Mason Rudolph earns respect of Steelers teammates with play in NFL debut
At 0-2 and with their franchise quarterback injured, the Pittsburgh Steelers appear to be in big trouble.
But the players feel “really” comfortable — times three — with Ben Roethlisberger’s replacement, Mason Rudolph.
“Mason,” tight end Vance McDonald said after Sunday’s game, “did a really, really, really good job today.”
Albeit in a 28-26 loss to the Seattle Seahawks, Rudolph had two touchdown passes in completing 12 of 19 passes in his NFL debut.
“I was really, really, really impressed,” guard David DeCastro said. “He did well (Sunday).”
With the status of Roethlisberger unclear after he left Sunday’s game because of an elbow injury, Rudolph might be promoted from quarterback of the future to starting quarterback.
He already earned a recent promotion, zooming past Josh Dobbs into the role as the Steelers No. 2 during an impressive preseason. The trade of Dobbs to Jacksonville last week further cemented his role.
Few, though, could have expected Rudolph would be needed so quickly. Nor that he would look so composed and ready.
“You have to be prepared for those situations whenever your number is called,” Rudolph said. “I thought I was ready. I had a really good feel for our gameplan and what we worked on all week. … I didn’t feel like I was unprepared in any means.”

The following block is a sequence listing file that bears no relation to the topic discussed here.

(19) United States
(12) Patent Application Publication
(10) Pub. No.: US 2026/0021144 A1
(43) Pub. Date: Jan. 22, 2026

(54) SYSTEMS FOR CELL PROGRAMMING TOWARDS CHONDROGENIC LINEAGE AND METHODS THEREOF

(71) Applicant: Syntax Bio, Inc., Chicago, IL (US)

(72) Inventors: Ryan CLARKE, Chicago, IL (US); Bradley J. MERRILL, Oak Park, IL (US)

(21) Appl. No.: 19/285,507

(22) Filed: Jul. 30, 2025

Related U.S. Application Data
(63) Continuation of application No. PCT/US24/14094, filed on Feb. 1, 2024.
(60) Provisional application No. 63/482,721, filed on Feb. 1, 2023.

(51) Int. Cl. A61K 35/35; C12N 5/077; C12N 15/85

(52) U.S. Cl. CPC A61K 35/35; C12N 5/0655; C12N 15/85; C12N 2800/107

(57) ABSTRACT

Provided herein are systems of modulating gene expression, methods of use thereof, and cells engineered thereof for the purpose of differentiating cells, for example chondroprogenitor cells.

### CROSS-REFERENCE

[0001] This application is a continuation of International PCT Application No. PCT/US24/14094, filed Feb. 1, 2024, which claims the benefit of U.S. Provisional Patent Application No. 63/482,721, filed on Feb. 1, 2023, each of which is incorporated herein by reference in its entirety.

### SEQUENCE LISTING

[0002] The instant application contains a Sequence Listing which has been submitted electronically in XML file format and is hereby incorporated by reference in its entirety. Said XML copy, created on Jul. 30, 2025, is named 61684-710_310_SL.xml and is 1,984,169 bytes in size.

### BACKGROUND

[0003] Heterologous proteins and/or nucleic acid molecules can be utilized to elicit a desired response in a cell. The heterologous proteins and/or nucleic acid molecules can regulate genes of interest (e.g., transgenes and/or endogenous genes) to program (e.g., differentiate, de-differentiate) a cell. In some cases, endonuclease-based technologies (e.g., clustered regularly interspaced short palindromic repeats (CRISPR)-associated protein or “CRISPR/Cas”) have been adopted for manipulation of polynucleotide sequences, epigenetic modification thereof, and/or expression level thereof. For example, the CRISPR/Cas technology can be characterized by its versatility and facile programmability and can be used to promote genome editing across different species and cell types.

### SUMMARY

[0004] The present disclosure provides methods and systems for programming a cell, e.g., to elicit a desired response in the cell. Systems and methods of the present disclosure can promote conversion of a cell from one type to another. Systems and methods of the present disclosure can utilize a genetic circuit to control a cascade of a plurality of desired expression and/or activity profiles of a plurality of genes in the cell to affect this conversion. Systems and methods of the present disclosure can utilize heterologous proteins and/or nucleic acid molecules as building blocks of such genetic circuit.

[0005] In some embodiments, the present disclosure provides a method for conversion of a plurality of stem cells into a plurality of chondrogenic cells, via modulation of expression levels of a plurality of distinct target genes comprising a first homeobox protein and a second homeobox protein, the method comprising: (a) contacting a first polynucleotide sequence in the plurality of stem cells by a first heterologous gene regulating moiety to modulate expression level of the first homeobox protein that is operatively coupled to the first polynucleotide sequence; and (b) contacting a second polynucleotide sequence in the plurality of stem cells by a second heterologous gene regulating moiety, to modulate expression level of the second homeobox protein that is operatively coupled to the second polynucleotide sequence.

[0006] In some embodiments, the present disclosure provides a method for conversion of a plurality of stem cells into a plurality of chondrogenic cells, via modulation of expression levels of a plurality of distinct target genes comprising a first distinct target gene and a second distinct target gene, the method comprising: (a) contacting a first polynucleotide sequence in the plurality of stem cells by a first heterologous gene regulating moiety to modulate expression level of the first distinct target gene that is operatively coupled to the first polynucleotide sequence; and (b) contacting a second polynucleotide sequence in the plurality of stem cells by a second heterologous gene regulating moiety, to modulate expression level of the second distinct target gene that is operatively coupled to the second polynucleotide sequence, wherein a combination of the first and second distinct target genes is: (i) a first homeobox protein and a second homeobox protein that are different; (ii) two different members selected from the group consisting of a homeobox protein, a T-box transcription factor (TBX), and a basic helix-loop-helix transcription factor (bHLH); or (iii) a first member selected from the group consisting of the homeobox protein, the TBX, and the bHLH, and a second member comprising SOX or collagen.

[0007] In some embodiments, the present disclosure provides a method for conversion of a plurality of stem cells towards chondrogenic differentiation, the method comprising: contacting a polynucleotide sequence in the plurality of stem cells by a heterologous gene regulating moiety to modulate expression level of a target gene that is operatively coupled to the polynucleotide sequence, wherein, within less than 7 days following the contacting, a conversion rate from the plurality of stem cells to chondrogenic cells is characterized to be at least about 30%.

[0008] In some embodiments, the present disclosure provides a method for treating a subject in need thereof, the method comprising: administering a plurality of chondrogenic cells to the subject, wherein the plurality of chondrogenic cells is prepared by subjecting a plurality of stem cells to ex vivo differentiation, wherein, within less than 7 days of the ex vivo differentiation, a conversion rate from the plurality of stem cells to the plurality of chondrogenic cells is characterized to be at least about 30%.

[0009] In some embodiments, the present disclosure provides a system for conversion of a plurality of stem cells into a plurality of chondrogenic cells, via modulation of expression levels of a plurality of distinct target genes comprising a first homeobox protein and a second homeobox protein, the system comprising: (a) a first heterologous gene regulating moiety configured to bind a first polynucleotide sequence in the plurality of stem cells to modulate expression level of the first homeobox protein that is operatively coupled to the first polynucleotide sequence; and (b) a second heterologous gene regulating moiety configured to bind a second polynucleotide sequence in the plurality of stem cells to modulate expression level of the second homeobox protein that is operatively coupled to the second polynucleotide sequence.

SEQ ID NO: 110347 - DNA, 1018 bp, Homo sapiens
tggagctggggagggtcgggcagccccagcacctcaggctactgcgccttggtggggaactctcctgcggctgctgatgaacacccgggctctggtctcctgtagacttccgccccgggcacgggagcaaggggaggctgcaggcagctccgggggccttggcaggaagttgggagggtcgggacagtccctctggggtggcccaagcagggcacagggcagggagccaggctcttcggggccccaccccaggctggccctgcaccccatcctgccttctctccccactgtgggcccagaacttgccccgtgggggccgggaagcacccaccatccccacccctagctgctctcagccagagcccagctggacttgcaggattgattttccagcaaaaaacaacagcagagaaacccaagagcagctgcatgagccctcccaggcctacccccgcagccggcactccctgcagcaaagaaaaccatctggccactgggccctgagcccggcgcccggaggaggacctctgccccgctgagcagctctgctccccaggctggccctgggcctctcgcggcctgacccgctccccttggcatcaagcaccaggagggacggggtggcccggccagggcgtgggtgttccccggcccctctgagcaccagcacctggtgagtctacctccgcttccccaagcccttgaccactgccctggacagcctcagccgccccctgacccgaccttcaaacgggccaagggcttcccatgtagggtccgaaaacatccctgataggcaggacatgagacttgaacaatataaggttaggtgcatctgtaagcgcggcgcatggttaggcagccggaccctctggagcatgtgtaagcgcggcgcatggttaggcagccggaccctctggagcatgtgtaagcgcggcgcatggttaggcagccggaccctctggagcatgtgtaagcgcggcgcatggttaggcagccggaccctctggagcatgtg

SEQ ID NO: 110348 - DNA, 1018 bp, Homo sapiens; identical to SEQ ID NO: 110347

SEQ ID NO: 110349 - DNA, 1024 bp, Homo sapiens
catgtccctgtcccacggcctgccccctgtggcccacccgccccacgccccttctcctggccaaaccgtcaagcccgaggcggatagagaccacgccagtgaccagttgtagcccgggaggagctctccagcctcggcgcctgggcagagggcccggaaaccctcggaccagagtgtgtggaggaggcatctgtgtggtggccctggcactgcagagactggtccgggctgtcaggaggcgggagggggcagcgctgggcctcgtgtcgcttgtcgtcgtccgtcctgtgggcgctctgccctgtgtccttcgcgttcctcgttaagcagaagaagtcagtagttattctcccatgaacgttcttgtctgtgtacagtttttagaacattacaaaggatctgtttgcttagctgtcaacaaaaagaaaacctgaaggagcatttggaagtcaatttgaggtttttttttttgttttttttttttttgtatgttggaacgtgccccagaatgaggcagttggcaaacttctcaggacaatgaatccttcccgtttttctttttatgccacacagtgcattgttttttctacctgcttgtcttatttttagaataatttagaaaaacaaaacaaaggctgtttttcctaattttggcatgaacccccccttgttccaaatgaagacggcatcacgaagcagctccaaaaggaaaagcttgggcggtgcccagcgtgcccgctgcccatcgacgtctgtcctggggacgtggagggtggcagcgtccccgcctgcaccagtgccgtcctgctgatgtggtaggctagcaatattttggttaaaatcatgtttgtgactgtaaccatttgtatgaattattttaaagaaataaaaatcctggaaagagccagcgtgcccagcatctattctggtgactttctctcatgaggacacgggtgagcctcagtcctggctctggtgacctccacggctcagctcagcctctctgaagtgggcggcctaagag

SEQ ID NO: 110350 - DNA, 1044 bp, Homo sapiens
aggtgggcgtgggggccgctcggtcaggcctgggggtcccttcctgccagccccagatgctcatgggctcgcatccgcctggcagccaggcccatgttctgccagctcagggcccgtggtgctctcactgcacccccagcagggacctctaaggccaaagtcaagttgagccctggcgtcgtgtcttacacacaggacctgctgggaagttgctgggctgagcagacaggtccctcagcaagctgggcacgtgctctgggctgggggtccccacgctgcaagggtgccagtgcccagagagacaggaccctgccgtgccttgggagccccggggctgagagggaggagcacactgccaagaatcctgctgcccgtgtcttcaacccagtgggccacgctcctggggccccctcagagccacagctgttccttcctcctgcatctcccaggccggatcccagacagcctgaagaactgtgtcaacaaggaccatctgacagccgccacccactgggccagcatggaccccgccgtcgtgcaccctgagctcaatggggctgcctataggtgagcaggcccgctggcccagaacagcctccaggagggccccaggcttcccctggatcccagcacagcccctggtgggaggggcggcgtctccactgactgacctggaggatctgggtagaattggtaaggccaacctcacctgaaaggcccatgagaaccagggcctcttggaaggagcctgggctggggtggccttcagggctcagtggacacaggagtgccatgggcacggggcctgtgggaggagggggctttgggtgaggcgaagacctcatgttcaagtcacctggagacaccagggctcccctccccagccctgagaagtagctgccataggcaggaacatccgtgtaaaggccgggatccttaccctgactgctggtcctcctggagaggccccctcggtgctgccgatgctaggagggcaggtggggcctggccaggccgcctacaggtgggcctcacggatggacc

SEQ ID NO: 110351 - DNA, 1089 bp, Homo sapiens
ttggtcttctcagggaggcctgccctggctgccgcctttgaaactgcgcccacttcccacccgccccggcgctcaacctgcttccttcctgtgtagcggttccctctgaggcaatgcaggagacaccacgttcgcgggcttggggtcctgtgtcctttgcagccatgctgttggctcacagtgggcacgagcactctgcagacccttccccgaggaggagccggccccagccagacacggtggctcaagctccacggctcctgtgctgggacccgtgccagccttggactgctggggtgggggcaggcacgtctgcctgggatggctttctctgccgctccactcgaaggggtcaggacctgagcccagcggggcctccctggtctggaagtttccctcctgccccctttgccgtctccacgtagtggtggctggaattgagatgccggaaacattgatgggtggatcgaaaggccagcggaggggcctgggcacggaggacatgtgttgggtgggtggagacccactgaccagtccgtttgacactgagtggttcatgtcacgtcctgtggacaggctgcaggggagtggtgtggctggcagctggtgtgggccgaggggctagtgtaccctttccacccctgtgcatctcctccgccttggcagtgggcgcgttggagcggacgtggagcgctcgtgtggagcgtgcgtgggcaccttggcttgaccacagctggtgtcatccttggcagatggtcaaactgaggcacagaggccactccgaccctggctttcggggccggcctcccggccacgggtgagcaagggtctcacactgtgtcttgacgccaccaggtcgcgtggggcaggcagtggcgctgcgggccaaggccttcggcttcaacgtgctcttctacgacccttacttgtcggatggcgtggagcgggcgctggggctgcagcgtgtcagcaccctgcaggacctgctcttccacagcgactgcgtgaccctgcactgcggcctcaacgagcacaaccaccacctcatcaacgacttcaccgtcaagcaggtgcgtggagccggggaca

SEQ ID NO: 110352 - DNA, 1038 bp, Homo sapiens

Rudolph bemoaned the lack of practice reps he got as a rookie, a function of NFL practice restrictions that typically limit two quarterbacks to getting the vast majority of the practice time. That made Rudolph embrace the first practice of this past week all the more as Roethlisberger took a “veteran day off,” leaving Rudolph with the majority of the reps.
It showed. Teammates marveled at Rudolph’s attention to detail, grasp of the playbook and demeanor in commanding a huddle at age 24 and with no prior regular-season experience.
“He handled himself really well,” DeCastro said. “Really proud of him, how he came in ready to go. He knew the playbook, had a big command, and he mixed some of the cadences, too. That was impressive.”
Kevin Gorman's Take 5: Steelers rally behind Mason Rudolph but can't stop Seahawks
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Tomlin said he was impressed with Rudolph’s “communication” and “grit.”
“Mason is capable,” Tomlin said. “He’s been a part of this thing. He’s the backup quarterback. We’re capable of functioning in a very normal manner when he’s in there.”
There was no obvious adjustment in the style of offense or playcalling after Rudolph entered the game.
“He’s thrown the ball and made his reads, and he’s very deliberate about that,” McDonald said. “It’s something we can look forward to on offense. I think him and (offensive coordinator Randy Fichtner) have a great connection.
“He’s come a long way since last year. If he’s our guy, he’s our guy. We’ve got to move forward with him.”
Rudolph said he didn’t feel any extra pressure to have a presence or display an air of confidence while calling plays or running the huddle. In his mind, he’d long ago earned the respect of his veteran teammates by way of his work ethic and on-field conduct.
“I am completely confident in myself,” Rudolph said, “(in) being a leader of a team and playing games. That’s what it all comes down too.”
Enough so that he can perform while making his first NFL start this coming weekend, if needed?
“If that’s the case,” Rudolph said, “I’m ready to roll.”
Chris Adamski is a Tribune-Review staff writer. You can contact Chris by email at [email protected] or via Twitter .